Current research: Understanding the puzzle of incest

Lesleigh Pullman

The causes of sexual abuse by fathers toward their children are not well understood. Factors related to family dynamics, such as parenting style, could be a useful explanation. More research is needed to understand how family dynamics may play a role in father-child incest.

The purpose of our research is to test explanations of why some men abuse their children. We are trying to find out if fathers who commit sex offences against their own children are different from fathers who do not commit such offences. Finding out more about these possible explanations for incest can help us to better understand the motivation behind these offences and, ultimately, how to reduce them through assessment and treatment.

We have designed an anonymous online study (there is no way to tie a participant’s identity to their responses on the survey) to assess these proposed explanations of incest. As compared to typical research done with correctional populations (i.e., those who already have an arrest, charge, or conviction for a sexual offence), this survey has the advantages of more honest responding (because of anonymity), less selection bias (via reporting, prosecution, and conviction), and a comparison group of non-offending fathers.

Participants in this study must be male, at least 18 years old, proficient in English, and are fathers with at least one daughter (biological daughter, step-daughter, common-law daughter, or adoptive daughter). As a thank you, participants will get a 1 in 25 chance to win a $25 Amazon gift card.  Fathers who have committed a sexual offence against their daughter(s) will be compared to fathers who have not committed such offences.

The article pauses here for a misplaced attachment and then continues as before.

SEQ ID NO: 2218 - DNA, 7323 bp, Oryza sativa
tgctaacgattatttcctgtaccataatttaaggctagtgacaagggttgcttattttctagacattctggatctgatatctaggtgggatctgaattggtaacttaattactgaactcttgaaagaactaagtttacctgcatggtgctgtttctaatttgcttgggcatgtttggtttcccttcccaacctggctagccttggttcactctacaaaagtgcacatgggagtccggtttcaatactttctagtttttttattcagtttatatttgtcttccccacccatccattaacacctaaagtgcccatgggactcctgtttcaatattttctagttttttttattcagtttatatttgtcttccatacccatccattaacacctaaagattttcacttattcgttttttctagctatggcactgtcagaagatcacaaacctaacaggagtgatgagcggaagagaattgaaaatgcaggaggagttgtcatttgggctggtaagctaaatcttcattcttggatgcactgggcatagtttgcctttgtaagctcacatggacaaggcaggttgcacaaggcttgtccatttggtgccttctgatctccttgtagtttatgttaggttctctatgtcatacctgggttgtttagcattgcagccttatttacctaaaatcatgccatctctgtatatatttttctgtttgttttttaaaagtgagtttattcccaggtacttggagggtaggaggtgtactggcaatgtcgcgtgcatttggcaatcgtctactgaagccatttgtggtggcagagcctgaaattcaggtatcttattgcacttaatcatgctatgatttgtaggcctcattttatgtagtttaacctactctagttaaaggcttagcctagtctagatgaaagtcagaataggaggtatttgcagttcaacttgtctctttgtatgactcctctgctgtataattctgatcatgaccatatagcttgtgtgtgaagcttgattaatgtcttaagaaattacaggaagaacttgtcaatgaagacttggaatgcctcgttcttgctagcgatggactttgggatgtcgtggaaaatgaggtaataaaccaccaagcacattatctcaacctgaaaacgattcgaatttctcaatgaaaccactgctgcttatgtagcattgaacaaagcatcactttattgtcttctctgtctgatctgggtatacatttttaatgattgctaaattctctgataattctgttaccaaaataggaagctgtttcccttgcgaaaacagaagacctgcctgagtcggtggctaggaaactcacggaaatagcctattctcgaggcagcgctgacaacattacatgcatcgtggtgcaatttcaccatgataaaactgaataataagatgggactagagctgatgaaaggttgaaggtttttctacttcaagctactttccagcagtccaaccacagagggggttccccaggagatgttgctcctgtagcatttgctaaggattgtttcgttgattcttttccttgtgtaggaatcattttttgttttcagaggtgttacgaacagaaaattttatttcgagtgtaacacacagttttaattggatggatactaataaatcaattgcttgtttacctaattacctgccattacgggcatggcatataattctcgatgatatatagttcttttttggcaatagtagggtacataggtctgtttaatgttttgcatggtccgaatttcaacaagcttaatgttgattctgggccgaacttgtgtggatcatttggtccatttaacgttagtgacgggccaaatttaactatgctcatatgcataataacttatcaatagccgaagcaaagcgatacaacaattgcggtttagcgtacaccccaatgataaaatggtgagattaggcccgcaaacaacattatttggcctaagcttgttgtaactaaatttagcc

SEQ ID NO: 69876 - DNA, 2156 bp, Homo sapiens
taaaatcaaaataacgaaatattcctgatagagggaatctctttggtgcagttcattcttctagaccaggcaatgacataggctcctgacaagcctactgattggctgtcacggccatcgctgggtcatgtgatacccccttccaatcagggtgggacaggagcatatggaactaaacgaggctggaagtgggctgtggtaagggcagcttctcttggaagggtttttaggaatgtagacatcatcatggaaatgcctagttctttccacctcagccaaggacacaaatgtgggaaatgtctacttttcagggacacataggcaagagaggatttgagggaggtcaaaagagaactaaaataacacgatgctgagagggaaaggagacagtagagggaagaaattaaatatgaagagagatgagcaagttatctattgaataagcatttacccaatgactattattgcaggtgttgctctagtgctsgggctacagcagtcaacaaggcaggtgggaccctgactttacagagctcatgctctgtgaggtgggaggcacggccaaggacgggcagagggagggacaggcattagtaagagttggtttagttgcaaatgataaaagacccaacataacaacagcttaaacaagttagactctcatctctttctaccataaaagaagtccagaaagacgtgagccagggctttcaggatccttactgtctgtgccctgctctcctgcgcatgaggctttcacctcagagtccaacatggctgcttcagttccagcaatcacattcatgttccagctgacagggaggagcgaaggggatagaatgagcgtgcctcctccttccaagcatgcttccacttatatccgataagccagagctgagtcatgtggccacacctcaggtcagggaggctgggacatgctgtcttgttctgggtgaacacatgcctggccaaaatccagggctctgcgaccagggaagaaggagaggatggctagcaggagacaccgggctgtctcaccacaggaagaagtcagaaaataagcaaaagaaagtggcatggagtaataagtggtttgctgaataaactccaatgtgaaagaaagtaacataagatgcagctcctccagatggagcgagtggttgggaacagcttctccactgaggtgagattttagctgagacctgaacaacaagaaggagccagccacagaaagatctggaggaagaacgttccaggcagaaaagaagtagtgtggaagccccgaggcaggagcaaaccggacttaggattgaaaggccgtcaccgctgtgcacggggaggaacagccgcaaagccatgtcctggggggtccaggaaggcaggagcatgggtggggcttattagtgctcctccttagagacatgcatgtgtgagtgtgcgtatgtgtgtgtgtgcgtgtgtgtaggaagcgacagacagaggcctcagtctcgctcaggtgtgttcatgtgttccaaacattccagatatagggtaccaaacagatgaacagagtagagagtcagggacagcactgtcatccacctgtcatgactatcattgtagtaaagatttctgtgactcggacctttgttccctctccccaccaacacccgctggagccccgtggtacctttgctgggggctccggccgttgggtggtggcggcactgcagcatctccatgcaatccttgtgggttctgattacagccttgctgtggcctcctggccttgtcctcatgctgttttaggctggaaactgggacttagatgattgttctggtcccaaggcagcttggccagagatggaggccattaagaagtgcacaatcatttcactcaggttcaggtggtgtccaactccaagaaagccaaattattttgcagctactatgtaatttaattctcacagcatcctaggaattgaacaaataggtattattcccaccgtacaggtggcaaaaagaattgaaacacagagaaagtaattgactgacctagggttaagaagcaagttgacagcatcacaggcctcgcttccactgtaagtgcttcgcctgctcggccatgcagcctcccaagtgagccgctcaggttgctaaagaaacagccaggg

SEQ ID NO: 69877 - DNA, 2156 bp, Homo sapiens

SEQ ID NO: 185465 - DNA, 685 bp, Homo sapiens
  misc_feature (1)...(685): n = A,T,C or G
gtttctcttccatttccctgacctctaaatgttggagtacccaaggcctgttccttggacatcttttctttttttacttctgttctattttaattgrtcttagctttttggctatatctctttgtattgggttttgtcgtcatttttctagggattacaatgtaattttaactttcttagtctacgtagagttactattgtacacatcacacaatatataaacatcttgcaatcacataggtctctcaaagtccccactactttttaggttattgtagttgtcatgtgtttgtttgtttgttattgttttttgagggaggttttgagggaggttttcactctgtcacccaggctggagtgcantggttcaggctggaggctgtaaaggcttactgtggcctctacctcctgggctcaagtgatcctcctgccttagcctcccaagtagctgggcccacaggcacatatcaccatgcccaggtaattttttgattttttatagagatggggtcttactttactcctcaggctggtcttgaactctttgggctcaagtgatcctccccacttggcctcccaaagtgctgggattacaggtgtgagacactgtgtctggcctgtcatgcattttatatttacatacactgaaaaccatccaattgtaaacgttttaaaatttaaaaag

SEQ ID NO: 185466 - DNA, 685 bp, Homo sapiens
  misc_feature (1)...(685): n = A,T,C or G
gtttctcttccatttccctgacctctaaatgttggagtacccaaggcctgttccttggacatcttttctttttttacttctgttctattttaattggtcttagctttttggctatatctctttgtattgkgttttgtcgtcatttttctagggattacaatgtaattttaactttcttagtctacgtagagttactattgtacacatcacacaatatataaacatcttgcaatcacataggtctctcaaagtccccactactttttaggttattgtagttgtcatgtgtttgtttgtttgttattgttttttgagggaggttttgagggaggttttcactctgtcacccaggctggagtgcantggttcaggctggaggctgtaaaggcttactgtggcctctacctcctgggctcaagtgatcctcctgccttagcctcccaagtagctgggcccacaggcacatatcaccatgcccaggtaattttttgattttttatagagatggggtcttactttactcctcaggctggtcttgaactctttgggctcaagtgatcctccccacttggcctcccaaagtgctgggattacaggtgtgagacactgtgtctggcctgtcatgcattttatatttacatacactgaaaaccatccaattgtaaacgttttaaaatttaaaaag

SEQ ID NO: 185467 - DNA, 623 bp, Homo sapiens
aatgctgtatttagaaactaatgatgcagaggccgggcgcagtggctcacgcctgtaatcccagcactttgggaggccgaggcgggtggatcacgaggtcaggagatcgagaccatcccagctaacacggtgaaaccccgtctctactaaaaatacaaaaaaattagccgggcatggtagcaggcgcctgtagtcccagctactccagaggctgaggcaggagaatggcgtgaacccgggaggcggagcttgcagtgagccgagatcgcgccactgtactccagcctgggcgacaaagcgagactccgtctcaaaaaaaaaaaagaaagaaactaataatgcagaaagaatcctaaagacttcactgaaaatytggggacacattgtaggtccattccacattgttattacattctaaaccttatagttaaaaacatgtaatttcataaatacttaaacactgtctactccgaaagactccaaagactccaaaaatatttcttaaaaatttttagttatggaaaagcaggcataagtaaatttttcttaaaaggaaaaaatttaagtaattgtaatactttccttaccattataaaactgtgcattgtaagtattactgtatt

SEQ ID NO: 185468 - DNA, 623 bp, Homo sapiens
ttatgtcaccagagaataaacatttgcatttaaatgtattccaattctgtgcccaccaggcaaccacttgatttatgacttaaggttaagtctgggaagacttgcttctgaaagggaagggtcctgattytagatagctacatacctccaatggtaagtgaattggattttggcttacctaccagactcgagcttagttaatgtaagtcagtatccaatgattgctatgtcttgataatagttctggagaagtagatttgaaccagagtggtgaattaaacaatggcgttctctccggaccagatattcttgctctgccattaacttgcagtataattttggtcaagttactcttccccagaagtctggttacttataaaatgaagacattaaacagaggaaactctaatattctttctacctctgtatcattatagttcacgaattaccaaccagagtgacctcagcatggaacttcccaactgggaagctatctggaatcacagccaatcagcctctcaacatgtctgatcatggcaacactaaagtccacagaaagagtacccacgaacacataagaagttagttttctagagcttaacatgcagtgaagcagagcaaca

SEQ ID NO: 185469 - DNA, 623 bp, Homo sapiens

If you would like more information or are interested in participating, please click on the following link: Please share this to help grow our participant pool!

Lesleigh Pullman completed her undergraduate degree (BA Honours, Psychology) from Carleton University where she studied the effect of mood on attitudes toward sexual aggression. She is currently a fifth year student in the combined MA-PhD program in experimental psychology at the University of Ottawa, supervised by Dr. Michael Seto. She is also an “adopted” member of the Sex, Crime and Evolution Research Lab at the University of Ottawa.  Her graduate school career has been funded by the Ontario Graduate Scholarship (MA and PhD levels), as well as the Social Sciences and Humanities Research Council Doctoral Fellowship. She is currently the Research Coordinator for a large scale study investigating incestuous sexual offending, funded by a SSHRC Insight Grant (Investigators: Dr. Michael Seto and Dr. Kelly Babchishin)

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